All well and good, but what about the bottom line? We had happy, healthy chickens, but how expensive was it to raise them this way? Since we didn't have to buy or upgrade any infrastructure (other than the tarps, which were about $2 each), the purchase price of the chicks and the cost of their feed were our only inputs. The chicks cost us $1.40 each, plus a $6 fee for buying less than 50, for a total of $76. They ate 700 pounds in the 8 weeks we raised them, which cost us $380.50, or a little over 54 cents a pound. Those together add up to a total expense of $456.50. Divide that by 50 birds and you end up at $9.13 a bird. They were all right around 4 pounds each when we put them in the freezer, so for an easy estimate let's say that's 200 pounds of meat. A little more simple math, and I figure we're around $2.28 a pound. Not bad for locally-sourced (doesn't get more local than your own back yard!) organic-fed pastured chicken! The closest organic chicken I could find for comparison was over $3 a pound (and that wasn't local or pastured, plus I would have had to pay for shipping). Local, pastured, but not organic chicken was $2.18 a pound. There really is no comparison for meat you've raised yourself, to the standards you want for your family - but it's still nice to know you're not paying much more than you would for second-best!

Wednesday, July 3, 2019

Homemade Sheboygan-Style Bratwurst

Independence Day is coming up this Thursday, and in true American fashion, we will be grilling out. And since our great state is Wisconsin, what we'll grilling will be brats. If you love brats as much as we do, but also hate all of the MSG, nitrates, etc. in most brats as much as we do, then I'm here to share the joy I've found with you.

I should note that these are infinitely customizable - feel free to add cheddar, jalapeno, or whatever you like. Our local brat shop - Louie's Finer Meats in Cumberland, Wisconsin - offers a dizzying array of specialty brats featuring everything from onion and garlic to cranberries, blue cheese, and wild rice (my favorites are the blueberry and cheddar and the mushroom and swiss).

Homemade Sheboygan-Style Bratwurst 
3 pounds of ground pork or beef (include at least half a pound of pork fat in that total)
1 Tbsp salt
2 tsp ground white pepper
1 tsp dried marjoram
1/2 tsp caraway seed
1/2 tsp grated nutmeg
1/2 tsp ground allspice
1/4 tsp ground ginger
1 Tbsp minced fresh garlic
(2 tsp red pepper flakes optional)
Stuff casings according to manufacturer's direction. Can be frozen, or grill and serve.

My husband also likes to "hot tub" marinade his brats before grilling - he puts the brats in a crock pot set to low, then adds a bottle of beer and a sliced onion.

Enjoy your summer cookouts, and have a happy Independence Day!

Tuesday, July 2, 2019

Our 2019 Three Little Pigs

You can probably tell by the last few posts that I've been very excited to get pigs again this year. Not only are they a source of organic, pastured, chemical-free ham and bacon, but they are a great money-saver for our large family as well. So you can imagine how excited I was yesterday when our "pig guy" called and said he finally had a couple of pigs available for us! Usually we try to get our pigs mid-May, so we're getting a pretty late start this year, but that's OK with me - we'll have more garden produce for them when they really start porking out (meaning we'll save more on the feed bill). We should still have a full four months to grow them out, though, depending on the weather. Our processing date depends on when the heavy frosts set in, since we don't have a heater for their water trough. So when the water starts freezing overnight, it's time to butcher. If we have a normal fall, that will put our processing date in October or maybe even November.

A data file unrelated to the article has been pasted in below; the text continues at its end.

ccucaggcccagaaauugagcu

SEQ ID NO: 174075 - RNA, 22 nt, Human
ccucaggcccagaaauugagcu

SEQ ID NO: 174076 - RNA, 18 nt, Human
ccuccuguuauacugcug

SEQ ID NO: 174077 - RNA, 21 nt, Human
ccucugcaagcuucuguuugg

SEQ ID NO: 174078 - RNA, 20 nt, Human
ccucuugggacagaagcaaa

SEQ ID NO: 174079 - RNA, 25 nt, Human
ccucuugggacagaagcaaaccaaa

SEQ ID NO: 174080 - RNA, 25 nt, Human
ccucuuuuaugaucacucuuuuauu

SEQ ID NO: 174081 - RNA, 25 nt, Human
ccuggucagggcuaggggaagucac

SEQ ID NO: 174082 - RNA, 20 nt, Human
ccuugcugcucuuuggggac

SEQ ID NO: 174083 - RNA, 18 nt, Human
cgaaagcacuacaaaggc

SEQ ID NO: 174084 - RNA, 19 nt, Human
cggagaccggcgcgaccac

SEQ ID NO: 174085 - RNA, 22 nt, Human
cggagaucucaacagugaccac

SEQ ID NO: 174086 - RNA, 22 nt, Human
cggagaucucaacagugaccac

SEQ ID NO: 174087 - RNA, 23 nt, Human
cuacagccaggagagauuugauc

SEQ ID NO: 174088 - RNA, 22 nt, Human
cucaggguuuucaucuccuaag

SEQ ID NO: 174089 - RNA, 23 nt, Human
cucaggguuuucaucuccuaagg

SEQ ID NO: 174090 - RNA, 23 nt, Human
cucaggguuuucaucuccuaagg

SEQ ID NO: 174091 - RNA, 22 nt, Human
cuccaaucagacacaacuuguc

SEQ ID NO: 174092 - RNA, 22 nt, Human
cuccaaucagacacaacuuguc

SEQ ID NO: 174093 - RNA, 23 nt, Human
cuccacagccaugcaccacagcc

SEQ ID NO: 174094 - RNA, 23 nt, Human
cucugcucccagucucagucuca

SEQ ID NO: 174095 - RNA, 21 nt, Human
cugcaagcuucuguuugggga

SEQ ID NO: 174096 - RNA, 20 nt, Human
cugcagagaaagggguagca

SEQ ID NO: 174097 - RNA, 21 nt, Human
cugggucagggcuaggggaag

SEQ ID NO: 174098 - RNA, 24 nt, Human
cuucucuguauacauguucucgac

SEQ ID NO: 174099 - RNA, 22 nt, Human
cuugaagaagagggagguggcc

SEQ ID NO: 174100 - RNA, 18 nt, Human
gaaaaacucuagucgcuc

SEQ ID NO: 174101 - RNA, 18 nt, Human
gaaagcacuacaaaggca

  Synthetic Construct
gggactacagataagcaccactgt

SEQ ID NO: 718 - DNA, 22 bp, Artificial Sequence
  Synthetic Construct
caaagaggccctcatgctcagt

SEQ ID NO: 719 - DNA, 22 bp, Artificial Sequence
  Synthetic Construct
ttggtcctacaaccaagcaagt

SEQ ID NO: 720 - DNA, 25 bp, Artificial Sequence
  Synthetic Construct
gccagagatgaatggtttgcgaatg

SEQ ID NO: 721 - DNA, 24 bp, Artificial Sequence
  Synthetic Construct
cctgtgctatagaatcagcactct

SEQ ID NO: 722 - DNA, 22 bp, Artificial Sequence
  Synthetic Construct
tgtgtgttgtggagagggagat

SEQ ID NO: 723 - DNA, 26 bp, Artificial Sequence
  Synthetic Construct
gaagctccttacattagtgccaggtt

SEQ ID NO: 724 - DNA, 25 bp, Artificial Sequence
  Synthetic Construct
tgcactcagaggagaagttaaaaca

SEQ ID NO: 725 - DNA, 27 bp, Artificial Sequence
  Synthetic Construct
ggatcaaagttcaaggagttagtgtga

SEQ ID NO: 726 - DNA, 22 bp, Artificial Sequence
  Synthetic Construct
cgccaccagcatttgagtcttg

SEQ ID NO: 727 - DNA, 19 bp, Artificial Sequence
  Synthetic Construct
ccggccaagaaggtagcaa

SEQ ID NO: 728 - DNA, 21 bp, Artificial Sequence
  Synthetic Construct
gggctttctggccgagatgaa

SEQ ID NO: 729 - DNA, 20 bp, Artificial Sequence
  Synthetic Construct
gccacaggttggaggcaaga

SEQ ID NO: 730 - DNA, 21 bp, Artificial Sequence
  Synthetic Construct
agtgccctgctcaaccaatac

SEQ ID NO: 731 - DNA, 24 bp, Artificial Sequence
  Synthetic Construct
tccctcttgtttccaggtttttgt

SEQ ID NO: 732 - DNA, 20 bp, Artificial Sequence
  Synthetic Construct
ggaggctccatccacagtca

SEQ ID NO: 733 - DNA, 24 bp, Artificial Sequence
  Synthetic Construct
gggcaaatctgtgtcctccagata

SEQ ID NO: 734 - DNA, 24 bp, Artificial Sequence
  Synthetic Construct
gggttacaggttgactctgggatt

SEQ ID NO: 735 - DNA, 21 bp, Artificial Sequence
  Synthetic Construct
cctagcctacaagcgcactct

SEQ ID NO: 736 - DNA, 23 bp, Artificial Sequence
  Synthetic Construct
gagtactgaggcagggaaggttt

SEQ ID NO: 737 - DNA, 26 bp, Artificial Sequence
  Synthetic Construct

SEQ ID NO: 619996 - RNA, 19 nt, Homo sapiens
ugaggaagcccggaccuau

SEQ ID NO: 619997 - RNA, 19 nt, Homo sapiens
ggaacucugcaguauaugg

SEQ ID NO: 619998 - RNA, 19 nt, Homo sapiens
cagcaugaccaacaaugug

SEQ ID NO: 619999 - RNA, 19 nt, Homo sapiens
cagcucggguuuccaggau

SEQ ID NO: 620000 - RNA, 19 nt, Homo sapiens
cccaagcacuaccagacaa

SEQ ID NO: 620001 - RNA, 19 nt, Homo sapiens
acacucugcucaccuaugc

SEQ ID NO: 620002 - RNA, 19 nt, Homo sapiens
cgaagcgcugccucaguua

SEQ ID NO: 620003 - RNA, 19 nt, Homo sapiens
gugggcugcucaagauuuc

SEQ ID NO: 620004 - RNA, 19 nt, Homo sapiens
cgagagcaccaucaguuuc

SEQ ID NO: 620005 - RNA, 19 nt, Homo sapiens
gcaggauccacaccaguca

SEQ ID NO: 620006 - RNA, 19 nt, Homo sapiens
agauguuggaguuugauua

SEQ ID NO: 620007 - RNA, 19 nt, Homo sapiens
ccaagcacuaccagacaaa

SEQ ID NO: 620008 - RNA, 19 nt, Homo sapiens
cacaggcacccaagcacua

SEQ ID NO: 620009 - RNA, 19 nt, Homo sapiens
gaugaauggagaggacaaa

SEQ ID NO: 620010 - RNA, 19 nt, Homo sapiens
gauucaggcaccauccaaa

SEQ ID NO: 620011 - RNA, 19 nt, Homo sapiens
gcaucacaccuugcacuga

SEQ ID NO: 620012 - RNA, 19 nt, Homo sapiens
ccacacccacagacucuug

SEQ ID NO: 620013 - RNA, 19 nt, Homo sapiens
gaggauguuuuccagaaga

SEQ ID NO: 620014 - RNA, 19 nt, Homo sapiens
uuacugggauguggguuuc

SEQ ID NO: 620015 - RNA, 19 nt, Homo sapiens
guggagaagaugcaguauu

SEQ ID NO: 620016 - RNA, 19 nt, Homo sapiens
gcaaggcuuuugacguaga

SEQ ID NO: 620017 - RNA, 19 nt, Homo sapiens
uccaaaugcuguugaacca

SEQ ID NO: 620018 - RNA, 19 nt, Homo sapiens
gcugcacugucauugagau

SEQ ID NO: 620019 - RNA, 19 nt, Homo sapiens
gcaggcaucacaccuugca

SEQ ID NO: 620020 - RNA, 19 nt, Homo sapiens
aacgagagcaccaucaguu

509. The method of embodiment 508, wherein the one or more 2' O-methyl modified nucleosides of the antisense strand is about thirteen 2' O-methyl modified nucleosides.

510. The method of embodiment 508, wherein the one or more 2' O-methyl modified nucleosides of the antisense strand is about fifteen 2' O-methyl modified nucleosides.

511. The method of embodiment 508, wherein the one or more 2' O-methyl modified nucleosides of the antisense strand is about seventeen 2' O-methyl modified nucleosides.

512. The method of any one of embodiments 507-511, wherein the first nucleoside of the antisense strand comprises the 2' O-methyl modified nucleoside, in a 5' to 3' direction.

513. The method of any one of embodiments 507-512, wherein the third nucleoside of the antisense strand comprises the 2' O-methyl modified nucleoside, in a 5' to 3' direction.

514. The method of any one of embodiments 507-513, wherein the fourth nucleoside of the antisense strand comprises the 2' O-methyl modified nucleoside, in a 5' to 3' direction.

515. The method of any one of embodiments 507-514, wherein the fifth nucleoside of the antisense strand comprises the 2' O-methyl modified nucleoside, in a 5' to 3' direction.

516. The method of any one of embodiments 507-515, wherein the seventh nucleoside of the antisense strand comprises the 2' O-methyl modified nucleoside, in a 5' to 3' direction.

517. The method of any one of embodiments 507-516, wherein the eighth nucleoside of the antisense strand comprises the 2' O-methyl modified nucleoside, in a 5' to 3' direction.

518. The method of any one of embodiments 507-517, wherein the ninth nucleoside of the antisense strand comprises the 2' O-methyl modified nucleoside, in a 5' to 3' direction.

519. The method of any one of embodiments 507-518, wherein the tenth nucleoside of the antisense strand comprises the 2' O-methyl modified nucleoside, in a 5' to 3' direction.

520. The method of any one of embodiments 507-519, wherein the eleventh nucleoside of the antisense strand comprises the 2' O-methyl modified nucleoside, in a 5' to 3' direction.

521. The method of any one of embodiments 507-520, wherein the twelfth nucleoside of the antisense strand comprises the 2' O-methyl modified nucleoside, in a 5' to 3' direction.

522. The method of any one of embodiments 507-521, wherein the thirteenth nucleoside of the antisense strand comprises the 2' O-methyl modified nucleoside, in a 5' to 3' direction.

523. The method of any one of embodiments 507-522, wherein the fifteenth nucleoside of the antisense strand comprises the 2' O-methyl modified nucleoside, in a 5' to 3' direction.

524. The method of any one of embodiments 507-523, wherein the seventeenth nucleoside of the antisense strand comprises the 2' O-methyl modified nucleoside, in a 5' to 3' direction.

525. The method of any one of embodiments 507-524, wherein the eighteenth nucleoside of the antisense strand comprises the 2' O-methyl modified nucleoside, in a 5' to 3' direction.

But right now the weather is balmy and beautiful, and we're more than ready to bring some pigs home. We got the call before church, and on the drive home I texted my sister-in-law to ask if she'd like me to pick up a pig for her, too - she'd been toying with the idea of raising a pig, but hadn't decided one way or the other. She didn't text me back before we headed out to pick up the pigs after lunch, so I assumed it just wasn't meant to be for her this year. But when we arrived at the farm, lo and behold, there were three pigs in the pen! A black one, a pink one with black splotches, and a little pink runt. Now, not having heard back from my sister-in-law, and knowing my own weakness, I had only brought enough money for the two piglets I was planning on, plus my emergency $20 I always carry with me. When we got to the pen and I told the kids to pick out the ones they wanted, the farmer said he'd give us the runt for half price. I told him that all I had was the $20 extra, and without a second's hesitation he said, "Sold!" And that's how we ended up with three little pigs instead of two.